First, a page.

Implications of the marital relationship as measured by interpersonal spousal support and marital satisfaction and first responder PTSD symptom severity: An online mixed methods approach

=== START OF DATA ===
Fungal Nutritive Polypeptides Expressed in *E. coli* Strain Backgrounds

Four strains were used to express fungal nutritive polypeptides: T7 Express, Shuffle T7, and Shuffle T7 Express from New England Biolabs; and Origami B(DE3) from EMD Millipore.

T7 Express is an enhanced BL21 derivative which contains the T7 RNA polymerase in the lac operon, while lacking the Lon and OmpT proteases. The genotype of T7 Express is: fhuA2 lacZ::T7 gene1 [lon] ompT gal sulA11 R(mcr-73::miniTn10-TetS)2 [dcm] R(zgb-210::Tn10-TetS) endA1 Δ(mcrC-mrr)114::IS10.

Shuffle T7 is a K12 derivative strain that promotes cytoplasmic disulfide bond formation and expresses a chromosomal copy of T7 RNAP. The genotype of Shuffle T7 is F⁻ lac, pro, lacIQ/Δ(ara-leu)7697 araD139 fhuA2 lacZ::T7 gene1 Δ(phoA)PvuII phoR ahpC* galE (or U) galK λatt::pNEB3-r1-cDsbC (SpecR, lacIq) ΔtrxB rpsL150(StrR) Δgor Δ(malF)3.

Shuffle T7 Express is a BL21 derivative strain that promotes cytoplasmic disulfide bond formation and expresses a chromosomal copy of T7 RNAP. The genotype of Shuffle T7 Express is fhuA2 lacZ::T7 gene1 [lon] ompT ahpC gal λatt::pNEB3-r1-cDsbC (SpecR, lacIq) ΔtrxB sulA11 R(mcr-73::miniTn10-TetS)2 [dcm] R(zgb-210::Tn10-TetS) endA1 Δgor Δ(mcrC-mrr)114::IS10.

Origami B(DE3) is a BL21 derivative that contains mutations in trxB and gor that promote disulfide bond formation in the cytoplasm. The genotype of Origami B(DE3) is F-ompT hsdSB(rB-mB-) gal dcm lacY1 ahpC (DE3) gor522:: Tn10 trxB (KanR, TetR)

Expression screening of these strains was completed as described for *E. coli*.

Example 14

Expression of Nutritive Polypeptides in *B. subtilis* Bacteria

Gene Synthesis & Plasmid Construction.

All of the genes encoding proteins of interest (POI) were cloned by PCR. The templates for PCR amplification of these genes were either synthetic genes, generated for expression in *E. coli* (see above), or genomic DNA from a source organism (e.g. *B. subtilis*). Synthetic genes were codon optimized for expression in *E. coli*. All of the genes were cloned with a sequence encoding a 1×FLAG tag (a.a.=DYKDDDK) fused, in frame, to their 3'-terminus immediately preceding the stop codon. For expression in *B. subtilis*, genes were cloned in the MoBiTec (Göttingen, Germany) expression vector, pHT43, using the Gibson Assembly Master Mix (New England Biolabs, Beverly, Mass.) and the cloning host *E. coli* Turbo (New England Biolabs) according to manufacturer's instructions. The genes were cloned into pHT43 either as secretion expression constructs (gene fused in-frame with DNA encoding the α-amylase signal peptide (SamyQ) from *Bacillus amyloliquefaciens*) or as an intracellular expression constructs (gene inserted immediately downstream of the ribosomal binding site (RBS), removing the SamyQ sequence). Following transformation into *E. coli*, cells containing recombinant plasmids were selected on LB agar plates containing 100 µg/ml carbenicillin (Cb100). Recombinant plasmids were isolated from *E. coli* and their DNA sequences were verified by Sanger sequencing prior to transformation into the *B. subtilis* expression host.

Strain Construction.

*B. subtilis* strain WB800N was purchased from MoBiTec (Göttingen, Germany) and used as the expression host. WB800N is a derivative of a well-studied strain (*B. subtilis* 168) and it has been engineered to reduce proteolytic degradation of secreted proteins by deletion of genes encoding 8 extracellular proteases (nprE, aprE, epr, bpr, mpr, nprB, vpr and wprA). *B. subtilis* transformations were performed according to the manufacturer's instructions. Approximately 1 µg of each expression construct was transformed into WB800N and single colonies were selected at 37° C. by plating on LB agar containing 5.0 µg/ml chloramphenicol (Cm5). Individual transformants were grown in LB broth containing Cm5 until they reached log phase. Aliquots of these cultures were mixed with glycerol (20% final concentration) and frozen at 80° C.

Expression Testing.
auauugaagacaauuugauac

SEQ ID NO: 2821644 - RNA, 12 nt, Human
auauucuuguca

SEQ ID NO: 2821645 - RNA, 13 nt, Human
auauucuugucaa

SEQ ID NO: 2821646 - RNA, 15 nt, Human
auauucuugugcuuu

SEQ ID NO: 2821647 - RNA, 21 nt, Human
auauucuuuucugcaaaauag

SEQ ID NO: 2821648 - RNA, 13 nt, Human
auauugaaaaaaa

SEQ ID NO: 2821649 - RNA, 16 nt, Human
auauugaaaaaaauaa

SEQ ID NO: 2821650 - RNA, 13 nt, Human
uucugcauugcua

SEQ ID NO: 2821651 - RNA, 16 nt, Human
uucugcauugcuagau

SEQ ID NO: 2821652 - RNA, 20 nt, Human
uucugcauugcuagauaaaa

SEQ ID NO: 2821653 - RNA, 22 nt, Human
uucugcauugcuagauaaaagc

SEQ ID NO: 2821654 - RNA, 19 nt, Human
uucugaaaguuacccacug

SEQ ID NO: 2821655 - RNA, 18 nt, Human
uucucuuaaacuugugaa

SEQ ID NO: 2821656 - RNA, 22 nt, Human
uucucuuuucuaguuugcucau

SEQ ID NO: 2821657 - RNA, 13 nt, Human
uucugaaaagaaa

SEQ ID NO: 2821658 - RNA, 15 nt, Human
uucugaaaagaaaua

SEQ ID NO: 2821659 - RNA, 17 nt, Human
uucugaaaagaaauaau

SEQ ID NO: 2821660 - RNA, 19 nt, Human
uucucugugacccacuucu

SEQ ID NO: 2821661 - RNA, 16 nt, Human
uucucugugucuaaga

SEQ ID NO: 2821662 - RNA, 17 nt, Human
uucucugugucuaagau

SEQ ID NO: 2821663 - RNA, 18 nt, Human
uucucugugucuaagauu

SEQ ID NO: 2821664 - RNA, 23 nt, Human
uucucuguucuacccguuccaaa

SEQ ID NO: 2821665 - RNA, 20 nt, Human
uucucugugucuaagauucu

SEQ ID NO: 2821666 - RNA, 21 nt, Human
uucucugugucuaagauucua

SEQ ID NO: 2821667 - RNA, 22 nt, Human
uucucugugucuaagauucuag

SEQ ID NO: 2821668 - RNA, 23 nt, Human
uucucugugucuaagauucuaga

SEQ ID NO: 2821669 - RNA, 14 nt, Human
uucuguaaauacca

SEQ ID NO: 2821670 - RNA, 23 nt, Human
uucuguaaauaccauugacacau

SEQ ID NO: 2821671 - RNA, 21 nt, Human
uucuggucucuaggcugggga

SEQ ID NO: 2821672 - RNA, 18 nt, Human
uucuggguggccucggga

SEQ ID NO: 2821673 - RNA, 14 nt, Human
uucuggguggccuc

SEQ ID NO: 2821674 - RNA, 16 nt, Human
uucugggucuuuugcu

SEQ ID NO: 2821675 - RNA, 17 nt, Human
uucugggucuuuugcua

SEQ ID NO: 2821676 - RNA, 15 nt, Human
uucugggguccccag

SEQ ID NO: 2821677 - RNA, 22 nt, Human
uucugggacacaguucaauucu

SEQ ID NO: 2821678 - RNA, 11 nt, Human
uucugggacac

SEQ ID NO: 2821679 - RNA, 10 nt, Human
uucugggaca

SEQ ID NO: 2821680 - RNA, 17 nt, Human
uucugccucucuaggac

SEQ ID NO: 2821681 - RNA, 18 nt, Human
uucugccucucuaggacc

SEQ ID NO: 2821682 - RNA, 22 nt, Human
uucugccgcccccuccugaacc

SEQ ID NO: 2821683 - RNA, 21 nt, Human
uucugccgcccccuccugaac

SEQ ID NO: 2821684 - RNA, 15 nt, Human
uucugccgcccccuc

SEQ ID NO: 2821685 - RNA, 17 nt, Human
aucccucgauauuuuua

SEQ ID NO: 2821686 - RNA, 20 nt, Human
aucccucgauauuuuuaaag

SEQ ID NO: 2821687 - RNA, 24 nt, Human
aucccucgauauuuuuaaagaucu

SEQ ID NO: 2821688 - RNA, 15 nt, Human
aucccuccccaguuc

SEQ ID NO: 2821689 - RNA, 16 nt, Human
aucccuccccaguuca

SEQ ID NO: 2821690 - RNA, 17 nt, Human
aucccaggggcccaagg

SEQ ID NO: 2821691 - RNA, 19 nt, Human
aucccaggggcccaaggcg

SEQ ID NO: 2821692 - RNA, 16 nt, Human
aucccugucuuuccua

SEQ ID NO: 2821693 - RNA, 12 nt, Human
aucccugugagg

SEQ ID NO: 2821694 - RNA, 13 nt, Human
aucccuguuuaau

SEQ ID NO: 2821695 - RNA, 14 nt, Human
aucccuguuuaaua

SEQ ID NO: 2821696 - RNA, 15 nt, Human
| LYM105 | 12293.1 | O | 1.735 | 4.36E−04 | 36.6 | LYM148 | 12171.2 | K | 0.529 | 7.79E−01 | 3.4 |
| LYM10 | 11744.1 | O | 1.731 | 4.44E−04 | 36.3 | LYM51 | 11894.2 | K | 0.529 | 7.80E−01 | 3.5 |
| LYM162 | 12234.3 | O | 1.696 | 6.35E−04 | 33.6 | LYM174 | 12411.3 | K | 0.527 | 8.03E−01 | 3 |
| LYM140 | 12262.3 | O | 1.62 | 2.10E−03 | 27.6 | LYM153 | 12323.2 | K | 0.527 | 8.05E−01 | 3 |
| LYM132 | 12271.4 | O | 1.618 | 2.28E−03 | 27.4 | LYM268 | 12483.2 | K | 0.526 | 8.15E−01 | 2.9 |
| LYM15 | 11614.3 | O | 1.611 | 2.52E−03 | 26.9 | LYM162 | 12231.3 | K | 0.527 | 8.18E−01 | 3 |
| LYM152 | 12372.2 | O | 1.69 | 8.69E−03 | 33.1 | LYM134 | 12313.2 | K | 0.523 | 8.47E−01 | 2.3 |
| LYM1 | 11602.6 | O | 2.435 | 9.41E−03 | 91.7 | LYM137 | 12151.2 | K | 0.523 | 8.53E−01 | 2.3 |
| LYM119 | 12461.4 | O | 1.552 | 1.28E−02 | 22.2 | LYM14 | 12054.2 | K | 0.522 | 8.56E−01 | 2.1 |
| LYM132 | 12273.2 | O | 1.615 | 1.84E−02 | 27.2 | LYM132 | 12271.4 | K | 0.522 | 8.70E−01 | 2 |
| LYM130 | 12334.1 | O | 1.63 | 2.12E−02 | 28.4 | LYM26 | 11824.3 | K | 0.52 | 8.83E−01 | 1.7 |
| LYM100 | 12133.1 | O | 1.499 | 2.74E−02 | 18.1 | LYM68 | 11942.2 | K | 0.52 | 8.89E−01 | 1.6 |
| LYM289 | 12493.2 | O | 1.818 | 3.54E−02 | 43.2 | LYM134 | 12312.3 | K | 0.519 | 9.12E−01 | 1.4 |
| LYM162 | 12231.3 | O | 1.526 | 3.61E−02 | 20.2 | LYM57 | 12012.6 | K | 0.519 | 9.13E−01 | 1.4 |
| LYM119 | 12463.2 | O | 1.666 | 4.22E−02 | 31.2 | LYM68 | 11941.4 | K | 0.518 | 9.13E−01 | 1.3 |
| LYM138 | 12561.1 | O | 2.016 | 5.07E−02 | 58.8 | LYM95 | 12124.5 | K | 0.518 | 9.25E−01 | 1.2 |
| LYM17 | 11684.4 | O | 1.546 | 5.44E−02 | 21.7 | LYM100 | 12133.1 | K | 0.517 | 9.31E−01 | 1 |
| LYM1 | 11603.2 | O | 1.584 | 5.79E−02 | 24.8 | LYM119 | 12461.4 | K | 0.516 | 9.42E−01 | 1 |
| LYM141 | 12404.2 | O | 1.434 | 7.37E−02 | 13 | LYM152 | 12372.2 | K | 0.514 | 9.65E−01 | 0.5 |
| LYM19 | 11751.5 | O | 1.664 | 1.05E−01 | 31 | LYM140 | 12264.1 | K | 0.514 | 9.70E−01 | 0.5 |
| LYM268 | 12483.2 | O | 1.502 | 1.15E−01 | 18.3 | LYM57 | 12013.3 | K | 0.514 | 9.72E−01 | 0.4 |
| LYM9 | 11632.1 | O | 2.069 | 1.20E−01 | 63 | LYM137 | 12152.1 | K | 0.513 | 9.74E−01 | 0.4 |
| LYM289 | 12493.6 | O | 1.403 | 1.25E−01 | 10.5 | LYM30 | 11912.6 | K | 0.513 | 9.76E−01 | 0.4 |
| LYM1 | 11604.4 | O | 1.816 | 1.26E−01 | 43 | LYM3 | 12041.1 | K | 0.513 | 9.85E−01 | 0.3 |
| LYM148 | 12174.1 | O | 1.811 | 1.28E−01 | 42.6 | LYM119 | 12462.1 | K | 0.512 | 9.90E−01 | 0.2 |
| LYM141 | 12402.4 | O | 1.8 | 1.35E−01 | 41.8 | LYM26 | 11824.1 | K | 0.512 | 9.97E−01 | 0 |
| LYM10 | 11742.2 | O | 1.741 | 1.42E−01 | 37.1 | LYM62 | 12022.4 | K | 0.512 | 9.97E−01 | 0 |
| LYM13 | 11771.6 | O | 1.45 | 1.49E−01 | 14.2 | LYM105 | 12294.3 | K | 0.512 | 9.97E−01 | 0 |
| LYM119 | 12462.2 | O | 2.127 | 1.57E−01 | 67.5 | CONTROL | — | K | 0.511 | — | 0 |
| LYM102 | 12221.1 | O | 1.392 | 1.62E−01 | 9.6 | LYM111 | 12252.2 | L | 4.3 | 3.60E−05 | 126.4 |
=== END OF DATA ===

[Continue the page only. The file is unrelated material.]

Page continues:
First Responders are at risk for developing Post traumatic stress disorder (PTSD) due to the nature of their job. Their chronic exposure to critical incidents must be met with adequate understanding and research of the unique factors surrounding the epidemiology and treatment of their PTSD experience. This study examined the relationship between first responder spousal support, relationship satisfaction, and PTSD symptom severity. More specifically this research looked at how the marital relationship might be a healing agent that buffers PTSD symptom severity. This study took place through an online platform, Psych Data, and a social media flyer on Facebook which recruited firefighters and police officers. A convergent mixed methods design allowed me to gather reliable quantitative data simultaneously with exploratory qualitative data. The quantitative findings suggest that interpersonal support and relationship satisfaction can predict PTSD symptom severity and even more specifically, relationship satisfaction and interpersonal support together can predict PTSD symptom severity more accurately. The qualitative analysis found that first responders viewed their relationship interpersonal support as helpful in processing work-related trauma by encouraging disclosure. It also supported the inverse relationship found in quantitative analysis, specifying that negative interpersonal support such as not understanding their job or trauma processing needs, exacerbated their work-related trauma experience.